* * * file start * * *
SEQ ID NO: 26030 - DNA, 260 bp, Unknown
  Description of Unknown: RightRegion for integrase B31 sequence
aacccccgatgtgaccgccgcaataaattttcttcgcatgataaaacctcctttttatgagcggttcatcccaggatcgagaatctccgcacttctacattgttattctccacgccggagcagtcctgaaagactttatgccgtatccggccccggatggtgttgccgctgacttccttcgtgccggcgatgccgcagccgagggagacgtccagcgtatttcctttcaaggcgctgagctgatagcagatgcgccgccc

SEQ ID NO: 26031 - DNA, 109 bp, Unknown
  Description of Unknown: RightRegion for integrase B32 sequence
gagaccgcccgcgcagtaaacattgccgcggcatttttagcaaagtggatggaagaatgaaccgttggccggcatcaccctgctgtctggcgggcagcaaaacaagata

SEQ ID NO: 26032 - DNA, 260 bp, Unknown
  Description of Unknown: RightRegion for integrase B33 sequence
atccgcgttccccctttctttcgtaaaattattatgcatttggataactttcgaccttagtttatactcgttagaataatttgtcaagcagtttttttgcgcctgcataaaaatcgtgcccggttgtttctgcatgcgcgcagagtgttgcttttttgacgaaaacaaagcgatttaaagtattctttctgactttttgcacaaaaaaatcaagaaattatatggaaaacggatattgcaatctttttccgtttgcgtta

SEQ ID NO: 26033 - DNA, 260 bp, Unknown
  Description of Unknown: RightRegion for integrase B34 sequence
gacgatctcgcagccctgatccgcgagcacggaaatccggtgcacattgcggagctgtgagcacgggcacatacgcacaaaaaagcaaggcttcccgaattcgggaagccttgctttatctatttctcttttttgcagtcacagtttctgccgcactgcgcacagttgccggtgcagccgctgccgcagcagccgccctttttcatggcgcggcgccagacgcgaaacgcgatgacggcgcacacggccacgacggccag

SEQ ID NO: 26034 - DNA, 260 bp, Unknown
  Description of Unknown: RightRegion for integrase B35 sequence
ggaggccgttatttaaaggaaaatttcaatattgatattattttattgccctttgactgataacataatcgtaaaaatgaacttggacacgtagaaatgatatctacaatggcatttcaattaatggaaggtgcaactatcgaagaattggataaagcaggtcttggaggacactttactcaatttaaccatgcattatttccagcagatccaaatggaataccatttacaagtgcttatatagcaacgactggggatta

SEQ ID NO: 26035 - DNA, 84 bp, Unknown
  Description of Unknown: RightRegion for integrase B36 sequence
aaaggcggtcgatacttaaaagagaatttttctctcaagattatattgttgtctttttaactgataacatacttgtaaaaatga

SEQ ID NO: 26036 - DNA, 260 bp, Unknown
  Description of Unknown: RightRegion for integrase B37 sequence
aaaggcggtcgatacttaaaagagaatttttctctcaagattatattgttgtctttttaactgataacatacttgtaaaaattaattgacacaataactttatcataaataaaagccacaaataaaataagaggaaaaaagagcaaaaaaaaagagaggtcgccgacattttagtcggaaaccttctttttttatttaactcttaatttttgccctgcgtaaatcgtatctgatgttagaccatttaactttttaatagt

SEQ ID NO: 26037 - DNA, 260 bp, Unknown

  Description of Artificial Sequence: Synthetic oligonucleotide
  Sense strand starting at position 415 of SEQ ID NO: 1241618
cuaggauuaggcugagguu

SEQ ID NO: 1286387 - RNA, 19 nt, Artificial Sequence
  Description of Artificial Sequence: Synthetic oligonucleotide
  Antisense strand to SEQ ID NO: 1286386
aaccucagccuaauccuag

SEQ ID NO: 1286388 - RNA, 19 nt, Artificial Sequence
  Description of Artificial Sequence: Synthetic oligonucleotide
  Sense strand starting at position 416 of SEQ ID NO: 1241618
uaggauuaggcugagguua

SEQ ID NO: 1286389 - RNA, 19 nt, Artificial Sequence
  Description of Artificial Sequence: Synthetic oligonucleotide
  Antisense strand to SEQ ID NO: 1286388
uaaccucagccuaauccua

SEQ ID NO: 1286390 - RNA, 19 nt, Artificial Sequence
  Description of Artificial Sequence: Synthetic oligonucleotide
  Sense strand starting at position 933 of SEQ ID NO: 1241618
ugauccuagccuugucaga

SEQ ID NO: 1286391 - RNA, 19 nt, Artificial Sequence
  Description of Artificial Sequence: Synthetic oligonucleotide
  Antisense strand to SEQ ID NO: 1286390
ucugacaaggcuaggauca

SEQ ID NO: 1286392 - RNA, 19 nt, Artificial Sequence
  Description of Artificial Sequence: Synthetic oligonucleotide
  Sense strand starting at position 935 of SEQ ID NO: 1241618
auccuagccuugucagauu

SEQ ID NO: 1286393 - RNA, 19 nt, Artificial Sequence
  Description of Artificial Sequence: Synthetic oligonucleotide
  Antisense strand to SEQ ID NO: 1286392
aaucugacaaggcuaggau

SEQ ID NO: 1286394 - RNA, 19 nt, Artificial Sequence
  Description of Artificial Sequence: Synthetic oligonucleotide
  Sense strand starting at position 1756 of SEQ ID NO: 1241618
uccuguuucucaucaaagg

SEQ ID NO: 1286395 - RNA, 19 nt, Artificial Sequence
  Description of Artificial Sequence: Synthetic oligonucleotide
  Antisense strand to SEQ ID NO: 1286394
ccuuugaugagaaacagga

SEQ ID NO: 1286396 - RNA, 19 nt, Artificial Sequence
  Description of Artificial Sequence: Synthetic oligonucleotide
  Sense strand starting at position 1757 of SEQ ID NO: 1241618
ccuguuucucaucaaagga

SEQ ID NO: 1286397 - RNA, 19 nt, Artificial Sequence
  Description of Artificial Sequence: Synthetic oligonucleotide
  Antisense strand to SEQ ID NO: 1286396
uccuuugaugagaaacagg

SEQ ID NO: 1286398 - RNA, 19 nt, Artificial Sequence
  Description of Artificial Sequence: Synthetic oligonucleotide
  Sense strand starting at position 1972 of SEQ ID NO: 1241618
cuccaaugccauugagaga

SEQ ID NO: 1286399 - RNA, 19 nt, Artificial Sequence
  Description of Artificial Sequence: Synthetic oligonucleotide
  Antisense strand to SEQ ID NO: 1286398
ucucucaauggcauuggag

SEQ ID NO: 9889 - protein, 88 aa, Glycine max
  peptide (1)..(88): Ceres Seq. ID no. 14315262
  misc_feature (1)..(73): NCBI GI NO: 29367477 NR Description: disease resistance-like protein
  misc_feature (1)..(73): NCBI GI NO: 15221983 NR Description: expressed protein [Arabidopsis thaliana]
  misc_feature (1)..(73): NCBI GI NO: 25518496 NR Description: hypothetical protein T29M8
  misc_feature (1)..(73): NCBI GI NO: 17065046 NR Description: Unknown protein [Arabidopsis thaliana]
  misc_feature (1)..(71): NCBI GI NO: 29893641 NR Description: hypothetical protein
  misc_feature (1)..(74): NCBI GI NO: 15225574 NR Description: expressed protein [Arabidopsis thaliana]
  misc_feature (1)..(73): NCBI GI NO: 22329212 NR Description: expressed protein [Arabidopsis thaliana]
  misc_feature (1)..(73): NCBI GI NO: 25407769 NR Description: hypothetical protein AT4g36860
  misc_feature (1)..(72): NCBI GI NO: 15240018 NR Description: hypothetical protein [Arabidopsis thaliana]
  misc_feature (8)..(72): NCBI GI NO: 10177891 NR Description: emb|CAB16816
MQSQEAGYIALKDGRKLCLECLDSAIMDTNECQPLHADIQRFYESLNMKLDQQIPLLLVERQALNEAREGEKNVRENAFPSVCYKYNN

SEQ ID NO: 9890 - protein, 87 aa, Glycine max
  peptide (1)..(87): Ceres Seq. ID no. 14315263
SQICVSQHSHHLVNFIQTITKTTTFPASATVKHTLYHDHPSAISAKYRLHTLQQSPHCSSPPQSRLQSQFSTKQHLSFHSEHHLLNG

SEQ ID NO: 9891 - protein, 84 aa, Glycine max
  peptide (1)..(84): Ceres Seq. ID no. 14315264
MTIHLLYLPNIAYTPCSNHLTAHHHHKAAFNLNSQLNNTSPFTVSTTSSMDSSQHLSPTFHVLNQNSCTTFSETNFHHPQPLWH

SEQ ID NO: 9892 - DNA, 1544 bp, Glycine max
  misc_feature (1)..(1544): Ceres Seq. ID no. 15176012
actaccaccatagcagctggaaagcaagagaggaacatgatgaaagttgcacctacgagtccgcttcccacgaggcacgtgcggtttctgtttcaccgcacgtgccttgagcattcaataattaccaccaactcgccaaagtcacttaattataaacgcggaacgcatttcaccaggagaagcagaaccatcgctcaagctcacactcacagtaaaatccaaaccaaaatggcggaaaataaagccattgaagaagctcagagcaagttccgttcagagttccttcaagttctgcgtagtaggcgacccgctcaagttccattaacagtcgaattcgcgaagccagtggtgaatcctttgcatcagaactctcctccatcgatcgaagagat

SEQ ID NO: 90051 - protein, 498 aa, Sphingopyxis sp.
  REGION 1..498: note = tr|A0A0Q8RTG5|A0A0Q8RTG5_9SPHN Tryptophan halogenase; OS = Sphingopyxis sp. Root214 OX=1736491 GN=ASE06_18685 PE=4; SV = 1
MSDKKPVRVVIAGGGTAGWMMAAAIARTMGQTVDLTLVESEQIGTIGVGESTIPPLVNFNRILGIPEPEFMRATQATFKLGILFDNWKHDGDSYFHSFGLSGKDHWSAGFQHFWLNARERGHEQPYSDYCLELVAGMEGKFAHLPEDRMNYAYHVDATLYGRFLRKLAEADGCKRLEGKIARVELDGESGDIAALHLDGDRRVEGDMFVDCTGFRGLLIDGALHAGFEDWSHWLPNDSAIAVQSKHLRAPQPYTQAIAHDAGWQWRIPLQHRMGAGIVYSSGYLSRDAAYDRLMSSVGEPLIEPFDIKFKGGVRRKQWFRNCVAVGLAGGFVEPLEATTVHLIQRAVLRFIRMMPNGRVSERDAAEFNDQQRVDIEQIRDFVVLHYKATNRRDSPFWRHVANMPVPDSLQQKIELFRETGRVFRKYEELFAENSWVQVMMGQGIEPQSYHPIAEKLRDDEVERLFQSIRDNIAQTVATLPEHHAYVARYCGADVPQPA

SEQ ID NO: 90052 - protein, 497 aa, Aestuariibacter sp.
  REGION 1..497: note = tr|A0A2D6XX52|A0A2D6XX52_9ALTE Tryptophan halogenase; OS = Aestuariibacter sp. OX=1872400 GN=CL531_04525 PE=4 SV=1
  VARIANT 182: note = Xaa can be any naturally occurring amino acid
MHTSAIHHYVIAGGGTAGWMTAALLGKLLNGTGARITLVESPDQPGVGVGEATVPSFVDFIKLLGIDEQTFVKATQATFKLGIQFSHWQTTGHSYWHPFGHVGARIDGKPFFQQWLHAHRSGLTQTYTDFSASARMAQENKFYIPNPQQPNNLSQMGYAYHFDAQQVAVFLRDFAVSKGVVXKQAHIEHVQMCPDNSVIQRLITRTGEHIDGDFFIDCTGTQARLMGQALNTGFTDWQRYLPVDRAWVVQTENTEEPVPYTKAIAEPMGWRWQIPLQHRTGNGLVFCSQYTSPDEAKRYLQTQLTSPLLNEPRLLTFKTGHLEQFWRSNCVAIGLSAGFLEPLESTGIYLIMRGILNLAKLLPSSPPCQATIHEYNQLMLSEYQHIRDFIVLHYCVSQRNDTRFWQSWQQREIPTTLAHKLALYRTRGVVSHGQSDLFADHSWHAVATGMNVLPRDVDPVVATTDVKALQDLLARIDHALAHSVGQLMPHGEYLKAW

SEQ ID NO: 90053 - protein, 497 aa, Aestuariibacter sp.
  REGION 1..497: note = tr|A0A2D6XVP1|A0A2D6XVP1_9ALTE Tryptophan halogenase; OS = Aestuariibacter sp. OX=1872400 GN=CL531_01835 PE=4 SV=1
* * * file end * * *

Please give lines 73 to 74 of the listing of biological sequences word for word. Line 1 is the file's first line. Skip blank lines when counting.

cuccaaugccauugagaga

SEQ ID NO: 1286399 - RNA, 19 nt, Artificial Sequence